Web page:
World Trade Centers Association Hopes Streaming Turns Education into a Revenue Source

For most of the world’s population, the World Trade Center ceased to exist in late 2001. But for Guy Tozzoli, project manager on the Twin Towers and president of the World Trade Centers Association (WTCA), the WTC lives on through almost 300 World Trade Centers scattered across the globe.

Almost every major city—including Tehran, Baghdad, and Kabul—has a World Trade Center. In all, almost 750,000 businesses are members of a WTC somewhere in the world. The WTCA, in business since 1970 and nominated each year for the last decade for a Nobel Prize, is also instrumental in back-channel negotiations on critical global issues.

Like any global organization, though, the WTC faces the challenge of educating its members on new opportunities and process improvements. The cost to put the word out to each of the approximately 300 WTC executive directors is costly enough, let alone the cost to educate a quarter of a million WTC members. So the financial burden, as the organization grows, has continued to grow dramatically.

As such, a prototype project has been underway for the last two years with Phoenix-based Global 100, LLC to address education as an earnings source rather than a cost burden to the organization. And streaming appears to be a key factor in not only keeping costs in check, but also providing revenues for the non-profit association.

The educational model is straightforward and has been used before in localized pockets: costs for educational design and initial live delivery by a trusted source, such as a college professor, is covered by a sponsor company whose product is then used as a case study of how the product or service fits the solution. That delivery model doesn’t scale, though, without the use of technologies to deliver the live event to other locations around the world.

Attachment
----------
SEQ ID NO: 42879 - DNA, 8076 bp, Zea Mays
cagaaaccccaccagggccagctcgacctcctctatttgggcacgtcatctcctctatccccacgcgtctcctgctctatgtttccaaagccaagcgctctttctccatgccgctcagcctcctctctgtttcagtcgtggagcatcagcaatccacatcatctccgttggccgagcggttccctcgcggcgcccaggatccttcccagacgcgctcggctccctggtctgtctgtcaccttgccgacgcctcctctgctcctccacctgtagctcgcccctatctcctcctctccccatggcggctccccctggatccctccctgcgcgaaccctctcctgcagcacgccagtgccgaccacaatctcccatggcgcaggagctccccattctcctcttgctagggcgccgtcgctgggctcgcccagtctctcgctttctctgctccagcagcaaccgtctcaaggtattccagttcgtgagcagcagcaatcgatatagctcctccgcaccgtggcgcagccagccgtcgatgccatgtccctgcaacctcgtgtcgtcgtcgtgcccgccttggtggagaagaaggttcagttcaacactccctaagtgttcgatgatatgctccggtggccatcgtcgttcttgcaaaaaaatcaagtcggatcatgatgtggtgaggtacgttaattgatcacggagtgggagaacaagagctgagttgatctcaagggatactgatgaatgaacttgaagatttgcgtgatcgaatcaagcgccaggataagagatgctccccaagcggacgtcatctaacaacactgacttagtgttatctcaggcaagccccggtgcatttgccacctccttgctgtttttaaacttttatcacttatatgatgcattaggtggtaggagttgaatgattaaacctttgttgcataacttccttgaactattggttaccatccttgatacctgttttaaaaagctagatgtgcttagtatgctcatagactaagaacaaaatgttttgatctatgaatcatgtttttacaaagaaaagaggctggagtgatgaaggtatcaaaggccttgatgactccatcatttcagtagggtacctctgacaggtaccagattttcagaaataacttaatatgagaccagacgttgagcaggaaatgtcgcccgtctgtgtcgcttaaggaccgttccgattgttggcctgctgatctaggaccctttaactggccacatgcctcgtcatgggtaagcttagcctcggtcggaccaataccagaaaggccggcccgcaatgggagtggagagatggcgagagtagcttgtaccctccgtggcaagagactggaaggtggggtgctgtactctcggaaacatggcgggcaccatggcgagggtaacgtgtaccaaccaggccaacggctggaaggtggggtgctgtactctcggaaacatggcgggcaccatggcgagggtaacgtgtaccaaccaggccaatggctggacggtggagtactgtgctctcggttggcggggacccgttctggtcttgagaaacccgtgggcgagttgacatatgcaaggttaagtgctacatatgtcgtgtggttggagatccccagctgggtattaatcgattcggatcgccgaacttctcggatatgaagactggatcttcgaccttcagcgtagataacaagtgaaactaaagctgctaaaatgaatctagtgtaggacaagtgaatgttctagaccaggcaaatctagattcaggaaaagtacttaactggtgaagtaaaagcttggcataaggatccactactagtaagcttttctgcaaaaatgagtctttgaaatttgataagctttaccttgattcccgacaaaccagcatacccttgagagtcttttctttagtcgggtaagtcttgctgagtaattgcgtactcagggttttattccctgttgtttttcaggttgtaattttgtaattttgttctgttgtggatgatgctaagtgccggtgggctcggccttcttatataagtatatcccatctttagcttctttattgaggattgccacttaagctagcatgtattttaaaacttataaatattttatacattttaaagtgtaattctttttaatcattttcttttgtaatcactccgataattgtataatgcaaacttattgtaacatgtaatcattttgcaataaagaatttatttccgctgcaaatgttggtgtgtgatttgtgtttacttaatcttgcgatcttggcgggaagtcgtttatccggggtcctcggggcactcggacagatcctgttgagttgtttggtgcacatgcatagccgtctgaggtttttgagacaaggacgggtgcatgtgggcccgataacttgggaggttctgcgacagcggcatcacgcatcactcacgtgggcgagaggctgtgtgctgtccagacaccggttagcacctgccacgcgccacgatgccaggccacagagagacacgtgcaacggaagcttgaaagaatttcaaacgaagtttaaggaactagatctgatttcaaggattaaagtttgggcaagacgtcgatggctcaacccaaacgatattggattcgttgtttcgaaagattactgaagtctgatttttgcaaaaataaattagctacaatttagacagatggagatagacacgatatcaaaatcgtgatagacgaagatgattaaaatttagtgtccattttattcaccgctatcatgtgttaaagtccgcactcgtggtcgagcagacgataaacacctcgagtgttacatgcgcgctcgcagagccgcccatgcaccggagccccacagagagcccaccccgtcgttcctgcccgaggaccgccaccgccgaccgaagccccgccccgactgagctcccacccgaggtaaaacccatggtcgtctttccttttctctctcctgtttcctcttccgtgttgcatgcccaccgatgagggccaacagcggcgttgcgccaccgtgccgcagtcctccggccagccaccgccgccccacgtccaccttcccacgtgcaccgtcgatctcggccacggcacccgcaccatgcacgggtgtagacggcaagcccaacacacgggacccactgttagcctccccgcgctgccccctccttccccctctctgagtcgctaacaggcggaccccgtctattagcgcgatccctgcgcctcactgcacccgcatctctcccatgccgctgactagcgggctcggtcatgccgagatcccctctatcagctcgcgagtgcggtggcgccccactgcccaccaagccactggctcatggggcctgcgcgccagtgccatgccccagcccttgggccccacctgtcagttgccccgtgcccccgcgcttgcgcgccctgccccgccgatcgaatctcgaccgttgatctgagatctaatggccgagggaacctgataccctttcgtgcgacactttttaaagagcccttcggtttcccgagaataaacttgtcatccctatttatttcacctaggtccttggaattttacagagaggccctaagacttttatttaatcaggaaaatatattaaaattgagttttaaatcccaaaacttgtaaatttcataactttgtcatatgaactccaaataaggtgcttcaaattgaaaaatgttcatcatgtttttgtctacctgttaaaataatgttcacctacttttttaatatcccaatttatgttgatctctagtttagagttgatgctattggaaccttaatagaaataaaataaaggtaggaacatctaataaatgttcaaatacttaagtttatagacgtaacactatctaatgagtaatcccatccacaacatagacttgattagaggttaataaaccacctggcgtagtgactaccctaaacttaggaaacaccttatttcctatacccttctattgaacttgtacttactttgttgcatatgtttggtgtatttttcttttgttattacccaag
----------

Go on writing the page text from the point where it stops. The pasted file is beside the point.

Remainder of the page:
"The use of streaming, especially live, is critical to providing timely information to the wide range of WTC member companies," said Raymond Carolin, managing partner of Global 100, LLC. "Live streaming allows one location to host the event, at no cost to the host location, and also allows the host location to invite those who might not be able to attend in person due to time or travel constraints."

The host location is also able to charge non-members to attend the events, whether on-site or via a streaming link. Once the event is completed, the event is archived in a high quality version and then transcoded to high-quality streams complete with embedded presentation details such as PowerPoint slides.

To scale the model from a prototype to a working system, Global 100 presented its model to about 100 WTC executive directors this week in New York at the WTCA’s annual training seminar. An example was shown whereby would provide sponsorship of a CRM process educational program, which then would be taught by a professor from a nationally known university.

"We see a potential value for our members as we start up our World Trade Center," says Sheena Tuyet Nguyen, general director of ACM Company, Ltd., which owns the WTC license in Ho Chi Minh City in Vietnam. "Our members need to understand how to work with suppliers and customers on a global stage, but can’t afford to fly to many training seminars. So joining a live event through streaming—even if it means our members need to be awake at 2 a.m.—is much more attainable than traveling to a distant location just for educational training."

To better serve the global WTC base, and to identify WTC members that might be generating a significant amount of business from global trade, Global 100 also plans an annual award where 100 companies are chosen from the hundreds nominated by World Trade Center membership around the world. The Global 100 Awards ceremony, which will be sponsored by a group of key businesses whose services are of benefit to WTC members, will also be streamed.

"We think that global businesses, and global organizations like the WTC, are information driven" says Global 100’s Carolin. "Our goal is to help those global businesses decrease the time to receive key pertinent information. We also think that global businesses should act as showcases and champions of technologies that are shrinking the world business stage, showing small businesses that are thinking about going global how to rapidly get up to speed."

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